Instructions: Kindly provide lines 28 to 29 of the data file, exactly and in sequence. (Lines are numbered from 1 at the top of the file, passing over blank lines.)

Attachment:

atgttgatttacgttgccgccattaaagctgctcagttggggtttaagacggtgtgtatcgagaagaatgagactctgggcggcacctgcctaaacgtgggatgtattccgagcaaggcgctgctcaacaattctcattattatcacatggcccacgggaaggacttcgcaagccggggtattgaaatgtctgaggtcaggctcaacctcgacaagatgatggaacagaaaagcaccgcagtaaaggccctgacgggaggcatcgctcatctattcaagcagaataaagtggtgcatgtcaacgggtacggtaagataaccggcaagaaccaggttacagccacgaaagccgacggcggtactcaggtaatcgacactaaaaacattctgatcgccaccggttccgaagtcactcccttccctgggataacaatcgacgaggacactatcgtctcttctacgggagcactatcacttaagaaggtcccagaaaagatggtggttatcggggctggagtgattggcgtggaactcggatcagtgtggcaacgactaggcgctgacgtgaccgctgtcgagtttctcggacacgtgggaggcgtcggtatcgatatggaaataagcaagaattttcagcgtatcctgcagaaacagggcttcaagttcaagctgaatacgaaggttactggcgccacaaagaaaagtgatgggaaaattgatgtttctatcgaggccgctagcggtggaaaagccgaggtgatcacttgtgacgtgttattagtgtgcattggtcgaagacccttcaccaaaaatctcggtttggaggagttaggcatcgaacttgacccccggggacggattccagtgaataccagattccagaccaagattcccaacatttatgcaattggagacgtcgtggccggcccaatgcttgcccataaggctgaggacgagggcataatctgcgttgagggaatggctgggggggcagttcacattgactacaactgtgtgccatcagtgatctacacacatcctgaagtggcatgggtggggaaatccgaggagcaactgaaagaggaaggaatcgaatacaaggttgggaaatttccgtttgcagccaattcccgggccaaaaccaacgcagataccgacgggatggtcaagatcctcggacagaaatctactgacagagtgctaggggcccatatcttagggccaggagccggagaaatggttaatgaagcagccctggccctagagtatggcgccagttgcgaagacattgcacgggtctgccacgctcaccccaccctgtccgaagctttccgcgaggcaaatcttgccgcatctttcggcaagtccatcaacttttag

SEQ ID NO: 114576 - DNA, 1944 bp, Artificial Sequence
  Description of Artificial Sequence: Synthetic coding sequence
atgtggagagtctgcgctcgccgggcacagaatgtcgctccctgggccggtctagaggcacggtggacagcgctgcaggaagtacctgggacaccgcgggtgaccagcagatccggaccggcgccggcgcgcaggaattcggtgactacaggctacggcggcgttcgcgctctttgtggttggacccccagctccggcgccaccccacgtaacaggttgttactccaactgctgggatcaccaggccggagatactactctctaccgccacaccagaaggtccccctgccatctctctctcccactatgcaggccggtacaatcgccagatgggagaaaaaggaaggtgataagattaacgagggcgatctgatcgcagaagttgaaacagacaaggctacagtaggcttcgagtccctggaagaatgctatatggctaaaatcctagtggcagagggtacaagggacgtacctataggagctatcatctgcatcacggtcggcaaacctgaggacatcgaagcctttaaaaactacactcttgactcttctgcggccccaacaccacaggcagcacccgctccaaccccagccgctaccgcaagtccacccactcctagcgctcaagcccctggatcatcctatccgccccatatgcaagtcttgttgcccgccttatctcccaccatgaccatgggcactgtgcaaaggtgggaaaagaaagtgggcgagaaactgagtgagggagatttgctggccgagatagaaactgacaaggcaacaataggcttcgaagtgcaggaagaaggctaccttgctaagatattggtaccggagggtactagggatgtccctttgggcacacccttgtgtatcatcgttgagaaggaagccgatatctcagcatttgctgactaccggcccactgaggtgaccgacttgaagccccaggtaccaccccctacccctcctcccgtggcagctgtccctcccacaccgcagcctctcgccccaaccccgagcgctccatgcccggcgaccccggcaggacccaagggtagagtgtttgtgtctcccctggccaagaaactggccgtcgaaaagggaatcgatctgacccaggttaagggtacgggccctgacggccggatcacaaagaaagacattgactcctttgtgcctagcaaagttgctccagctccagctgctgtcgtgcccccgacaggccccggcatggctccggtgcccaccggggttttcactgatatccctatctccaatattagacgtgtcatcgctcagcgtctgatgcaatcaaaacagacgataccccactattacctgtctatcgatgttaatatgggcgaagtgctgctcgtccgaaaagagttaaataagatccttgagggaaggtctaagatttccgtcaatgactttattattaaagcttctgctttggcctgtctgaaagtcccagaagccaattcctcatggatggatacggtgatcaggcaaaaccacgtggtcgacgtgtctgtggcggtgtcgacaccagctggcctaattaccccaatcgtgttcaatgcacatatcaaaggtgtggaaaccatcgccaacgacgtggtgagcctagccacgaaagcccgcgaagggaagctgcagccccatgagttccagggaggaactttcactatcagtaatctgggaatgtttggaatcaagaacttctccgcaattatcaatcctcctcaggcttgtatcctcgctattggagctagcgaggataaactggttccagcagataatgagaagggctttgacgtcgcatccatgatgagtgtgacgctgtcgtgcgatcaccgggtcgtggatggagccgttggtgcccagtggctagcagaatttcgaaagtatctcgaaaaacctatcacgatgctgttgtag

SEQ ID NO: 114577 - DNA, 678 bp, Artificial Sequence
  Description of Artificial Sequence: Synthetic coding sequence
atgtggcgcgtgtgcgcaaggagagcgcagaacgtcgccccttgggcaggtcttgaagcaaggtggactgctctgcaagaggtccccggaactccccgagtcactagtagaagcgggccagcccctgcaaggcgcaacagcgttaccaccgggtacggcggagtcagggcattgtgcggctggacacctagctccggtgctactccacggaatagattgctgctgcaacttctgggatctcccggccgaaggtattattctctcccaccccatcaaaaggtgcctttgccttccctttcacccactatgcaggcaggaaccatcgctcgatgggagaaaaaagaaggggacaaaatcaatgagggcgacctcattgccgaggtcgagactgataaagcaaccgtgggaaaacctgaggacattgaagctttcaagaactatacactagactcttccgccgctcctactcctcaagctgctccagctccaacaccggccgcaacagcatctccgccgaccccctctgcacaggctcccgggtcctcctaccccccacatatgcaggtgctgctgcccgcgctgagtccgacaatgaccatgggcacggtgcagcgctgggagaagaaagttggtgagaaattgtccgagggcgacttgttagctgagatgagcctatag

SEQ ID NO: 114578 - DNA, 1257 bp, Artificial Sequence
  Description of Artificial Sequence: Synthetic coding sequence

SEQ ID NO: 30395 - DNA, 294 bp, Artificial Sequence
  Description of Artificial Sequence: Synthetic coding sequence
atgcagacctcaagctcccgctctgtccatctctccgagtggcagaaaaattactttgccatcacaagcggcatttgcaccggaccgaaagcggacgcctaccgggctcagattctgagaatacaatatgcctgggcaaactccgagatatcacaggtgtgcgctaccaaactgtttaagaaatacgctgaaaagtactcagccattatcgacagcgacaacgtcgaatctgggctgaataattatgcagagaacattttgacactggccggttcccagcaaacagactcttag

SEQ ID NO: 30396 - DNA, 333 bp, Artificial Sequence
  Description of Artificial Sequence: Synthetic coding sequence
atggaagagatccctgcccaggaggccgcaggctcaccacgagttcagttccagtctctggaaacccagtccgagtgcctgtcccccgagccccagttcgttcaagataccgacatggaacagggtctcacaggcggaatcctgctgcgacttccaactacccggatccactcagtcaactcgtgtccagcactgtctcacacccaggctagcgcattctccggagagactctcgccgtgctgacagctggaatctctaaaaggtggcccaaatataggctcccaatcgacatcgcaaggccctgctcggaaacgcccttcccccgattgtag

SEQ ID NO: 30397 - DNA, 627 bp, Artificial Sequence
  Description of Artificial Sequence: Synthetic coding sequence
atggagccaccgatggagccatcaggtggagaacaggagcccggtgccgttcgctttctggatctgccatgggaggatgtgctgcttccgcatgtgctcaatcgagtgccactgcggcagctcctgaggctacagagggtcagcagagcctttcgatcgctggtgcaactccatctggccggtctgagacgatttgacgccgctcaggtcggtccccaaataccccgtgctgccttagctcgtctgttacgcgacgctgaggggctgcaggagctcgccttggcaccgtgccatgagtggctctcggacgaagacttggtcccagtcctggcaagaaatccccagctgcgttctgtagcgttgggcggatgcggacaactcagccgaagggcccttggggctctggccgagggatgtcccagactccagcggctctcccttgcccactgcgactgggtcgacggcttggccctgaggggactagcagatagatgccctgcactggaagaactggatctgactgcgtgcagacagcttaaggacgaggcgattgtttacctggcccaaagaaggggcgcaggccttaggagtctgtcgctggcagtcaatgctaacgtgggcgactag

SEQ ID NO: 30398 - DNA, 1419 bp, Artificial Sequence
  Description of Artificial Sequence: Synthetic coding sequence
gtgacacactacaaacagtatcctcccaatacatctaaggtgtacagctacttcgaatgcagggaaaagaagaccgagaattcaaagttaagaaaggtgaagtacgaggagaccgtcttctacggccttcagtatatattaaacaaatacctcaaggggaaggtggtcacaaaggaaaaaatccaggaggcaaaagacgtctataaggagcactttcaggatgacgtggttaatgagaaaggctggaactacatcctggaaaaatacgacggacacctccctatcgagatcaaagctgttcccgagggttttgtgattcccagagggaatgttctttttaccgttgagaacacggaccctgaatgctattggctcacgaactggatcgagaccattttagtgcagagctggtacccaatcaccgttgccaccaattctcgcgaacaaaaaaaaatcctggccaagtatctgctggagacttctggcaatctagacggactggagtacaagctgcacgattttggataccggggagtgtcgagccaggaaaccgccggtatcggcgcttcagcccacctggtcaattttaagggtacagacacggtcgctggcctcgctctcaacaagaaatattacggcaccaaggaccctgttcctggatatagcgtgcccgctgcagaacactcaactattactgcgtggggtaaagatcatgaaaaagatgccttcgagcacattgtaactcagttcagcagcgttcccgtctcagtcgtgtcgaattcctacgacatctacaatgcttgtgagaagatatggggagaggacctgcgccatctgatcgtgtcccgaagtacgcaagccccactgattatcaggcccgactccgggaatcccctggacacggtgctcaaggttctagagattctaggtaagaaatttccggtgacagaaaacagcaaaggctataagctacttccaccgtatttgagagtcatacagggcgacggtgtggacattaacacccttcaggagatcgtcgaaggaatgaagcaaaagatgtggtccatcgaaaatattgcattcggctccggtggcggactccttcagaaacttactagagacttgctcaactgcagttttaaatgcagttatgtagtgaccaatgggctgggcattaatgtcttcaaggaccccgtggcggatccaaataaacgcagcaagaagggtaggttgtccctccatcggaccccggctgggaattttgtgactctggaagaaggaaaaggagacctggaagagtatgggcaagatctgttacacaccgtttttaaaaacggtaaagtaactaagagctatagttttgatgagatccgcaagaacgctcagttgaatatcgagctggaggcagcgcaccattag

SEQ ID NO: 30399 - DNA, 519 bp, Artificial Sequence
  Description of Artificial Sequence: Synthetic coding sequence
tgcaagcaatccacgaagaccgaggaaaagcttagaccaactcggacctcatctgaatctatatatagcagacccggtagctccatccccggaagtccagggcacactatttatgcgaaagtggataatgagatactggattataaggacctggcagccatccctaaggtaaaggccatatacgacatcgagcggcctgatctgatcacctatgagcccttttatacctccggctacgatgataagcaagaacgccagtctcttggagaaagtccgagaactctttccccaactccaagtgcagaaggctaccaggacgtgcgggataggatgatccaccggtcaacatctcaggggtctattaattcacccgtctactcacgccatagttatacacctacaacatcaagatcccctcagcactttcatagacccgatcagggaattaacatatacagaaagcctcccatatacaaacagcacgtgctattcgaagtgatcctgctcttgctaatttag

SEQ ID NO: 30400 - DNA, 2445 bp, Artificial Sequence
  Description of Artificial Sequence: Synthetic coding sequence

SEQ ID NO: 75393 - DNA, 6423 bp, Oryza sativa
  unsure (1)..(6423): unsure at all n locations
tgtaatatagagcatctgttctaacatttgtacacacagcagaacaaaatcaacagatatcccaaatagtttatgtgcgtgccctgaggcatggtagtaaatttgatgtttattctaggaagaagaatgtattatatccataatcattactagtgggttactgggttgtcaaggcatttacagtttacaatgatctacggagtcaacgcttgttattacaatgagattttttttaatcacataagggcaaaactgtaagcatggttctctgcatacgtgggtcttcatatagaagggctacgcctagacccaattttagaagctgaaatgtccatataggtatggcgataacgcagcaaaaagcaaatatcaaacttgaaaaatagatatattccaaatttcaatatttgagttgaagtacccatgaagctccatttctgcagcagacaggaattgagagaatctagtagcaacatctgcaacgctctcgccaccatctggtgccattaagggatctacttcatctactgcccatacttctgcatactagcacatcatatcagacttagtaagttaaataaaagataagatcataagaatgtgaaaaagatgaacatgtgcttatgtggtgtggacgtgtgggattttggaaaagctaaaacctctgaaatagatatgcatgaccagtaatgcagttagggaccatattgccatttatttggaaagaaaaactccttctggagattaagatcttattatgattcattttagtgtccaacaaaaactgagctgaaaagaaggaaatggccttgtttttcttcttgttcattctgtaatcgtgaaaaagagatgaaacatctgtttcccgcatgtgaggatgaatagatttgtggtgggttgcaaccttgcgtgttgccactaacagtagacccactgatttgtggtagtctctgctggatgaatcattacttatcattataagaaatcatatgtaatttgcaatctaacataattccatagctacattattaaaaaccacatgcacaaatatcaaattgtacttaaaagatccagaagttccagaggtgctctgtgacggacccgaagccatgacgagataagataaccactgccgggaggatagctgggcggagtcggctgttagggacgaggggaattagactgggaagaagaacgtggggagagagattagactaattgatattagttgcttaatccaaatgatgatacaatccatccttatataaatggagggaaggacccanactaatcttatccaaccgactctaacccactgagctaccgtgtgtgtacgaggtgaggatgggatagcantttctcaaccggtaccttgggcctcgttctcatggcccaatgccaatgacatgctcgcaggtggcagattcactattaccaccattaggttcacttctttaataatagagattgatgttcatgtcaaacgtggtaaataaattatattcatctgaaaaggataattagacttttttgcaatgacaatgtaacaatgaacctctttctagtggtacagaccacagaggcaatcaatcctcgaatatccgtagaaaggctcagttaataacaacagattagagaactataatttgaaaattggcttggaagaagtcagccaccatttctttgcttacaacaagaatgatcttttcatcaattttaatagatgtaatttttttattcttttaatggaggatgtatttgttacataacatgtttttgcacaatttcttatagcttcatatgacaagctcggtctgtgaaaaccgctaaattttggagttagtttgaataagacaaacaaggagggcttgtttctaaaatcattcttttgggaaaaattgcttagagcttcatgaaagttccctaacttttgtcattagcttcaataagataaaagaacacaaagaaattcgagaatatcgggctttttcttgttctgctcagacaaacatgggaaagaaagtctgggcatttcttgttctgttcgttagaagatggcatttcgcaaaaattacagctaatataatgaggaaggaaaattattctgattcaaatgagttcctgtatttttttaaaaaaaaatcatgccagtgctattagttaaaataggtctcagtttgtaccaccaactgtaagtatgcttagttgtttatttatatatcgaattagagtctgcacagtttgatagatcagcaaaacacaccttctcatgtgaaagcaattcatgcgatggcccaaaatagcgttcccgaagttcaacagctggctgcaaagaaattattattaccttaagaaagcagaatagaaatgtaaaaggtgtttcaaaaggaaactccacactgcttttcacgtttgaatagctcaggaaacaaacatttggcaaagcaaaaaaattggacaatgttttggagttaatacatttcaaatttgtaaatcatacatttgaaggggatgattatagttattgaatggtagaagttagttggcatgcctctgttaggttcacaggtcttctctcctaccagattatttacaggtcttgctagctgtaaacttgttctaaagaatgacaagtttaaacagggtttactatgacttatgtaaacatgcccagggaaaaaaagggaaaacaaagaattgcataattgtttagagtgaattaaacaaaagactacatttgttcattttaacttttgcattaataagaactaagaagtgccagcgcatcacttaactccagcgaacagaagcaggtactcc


  unsure (1)..(6423): unsure at all n locations
tgtaatatagagcatctgttctaacatttgtacacacagcagaacaaaatcaacagatatcccaaatagtttatgtgcgtgccctgaggcatggtagtaaatttgatgtttattctaggaagaagaatgtattatatccataatcattactagtgggttactgggttgtcaaggcatttacagtttacaatgatctacggagtcaacgcttgttattacaatgagattttttttaatcacataagggcaaaactgtaagcatggttctctgcatacgtgggtcttcatatagaagggctacgcctagacccaattttagaagctgaaatgtccatataggtatggcgataacgcagcaaaaagcaaatatcaaacttgaaaaatagatatattccaaatttcaatatttgagttgaagtacccatgaagctccatttctgcagcagacaggaattgagagaatctagtagcaacatctgcaacgctctcgccaccatctggtgccattaagggatctacttcatctactgcccatacttctgcatactagcacatcatatcagacttagtaagttaaataaaagataagatcataagaatgtgaaaaagatgaacatgtgcttatgtggtgtggacgtgtgggattttggaaaagctaaaacctctgaaatagatatgcatgaccagtaatgcagttagggaccatattgccatttatttggaaagaaaaactccttctggagattaagatcttattatgattcattttagtgtccaacaaaaactgagctgaaaagaaggaaatggccttgtttttcttcttgttcattctgtaatcgtgaaaaagagatgaaacatctgtttcccgcatgtgaggatgaatagatttgtggtgggttgcaaccttgcgtgttgccactaacagtagacccactgatttgtggtagtctctgctggatgaatcattacttatcattataagaaatcatatgtaatttgcaatctaacataattccatagctacattattaaaaaccacatgcacaaatatcaaattgtacttaaaagatccagaagttccagaggtgctctgtgacggacccgaagccatgacgagataagataaccactgccgggaggatagctgggcggagtcggctgttagggacgaggggaattagactgggaagaagaacgtggggagagagattagactaattgatattagttgcttaatccaaatgatgatacaatccatccttatataaatggagggaaggacccanactaatcttatccaaccgactctaacccactgagctaccgtgtgtgtacgaggtgaggatgggatagcantttctcaaccggtaccttgggcctcgttctcatggcccaatgccaatgacatgctcgcaggtggcagattcactattaccaccattaggttcacttctttaataatagagattgatgttcatgtcaaacgtggtaaataaattatattcatctgaaaaggataattagacttttttgcaatgacaatgtaacaatgaacctctttctagtggtacagaccacagaggcaatcaatcctcgaatatccgtagaaaggctcagttaataacaacagattagagaactataatttgaaaattggcttggaagaagtcagccaccatttctttgcttacaacaagaatgatcttttcatcaattttaatagatgtaatttttttattcttttaatggaggatgtatttgttacataacatgtttttgcacaatttcttatagcttcatatgacaagctcggtctgtgaaaaccgctaaattttggagttagtttgaataagacaaacaaggagggcttgtttctaaaatcattcttttgggaaaaattgcttagagcttcatgaaagttccctaacttttgtcattagcttcaataagataaaagaacacaaagaaattcgagaatatcgggctttttcttgttctgctcagacaaacatgggaaagaaagtctgggcatttcttgttctgttcgttagaagatggcatttcgcaaaaattacagctaatataatgaggaaggaaaattattctgattcaaatgagttcctgtatttttttaaaaaaaaatcatgccagtgctattagttaaaataggtctcagtttgtaccaccaactgtaagtatgcttagttgtttatttatatatcgaattagagtctgcacagtttgatagatcagcaaaacacaccttctcatgtgaaagcaattcatgcgatggcccaaaatagcgttcccgaagttcaacagctggctgcaaagaaattattattaccttaagaaagcagaatagaaatgtaaaaggtgtttcaaaaggaaactccacactgcttttcacgtttgaatagctcaggaaacaaacatttggcaaagcaaaaaaattggacaatgttttggagttaatacatttcaaatttgtaaatcatacatttgaaggggatgattatagttattgaatggtagaagttagttggcatgcctctgttaggttcacaggtcttctctcctaccagattatttacaggtcttgctagctgtaaacttgttctaaagaatgacaagtttaaacagggtttactatgacttatgtaaacatgcccagggaaaaaaagggaaaacaaagaattgcataattgtttagagtgaattaaacaaaagactacatttgttcattttaacttttgcattaataagaactaagaagtgccagcgcatcacttaactccagcgaacagaagcaggtactcc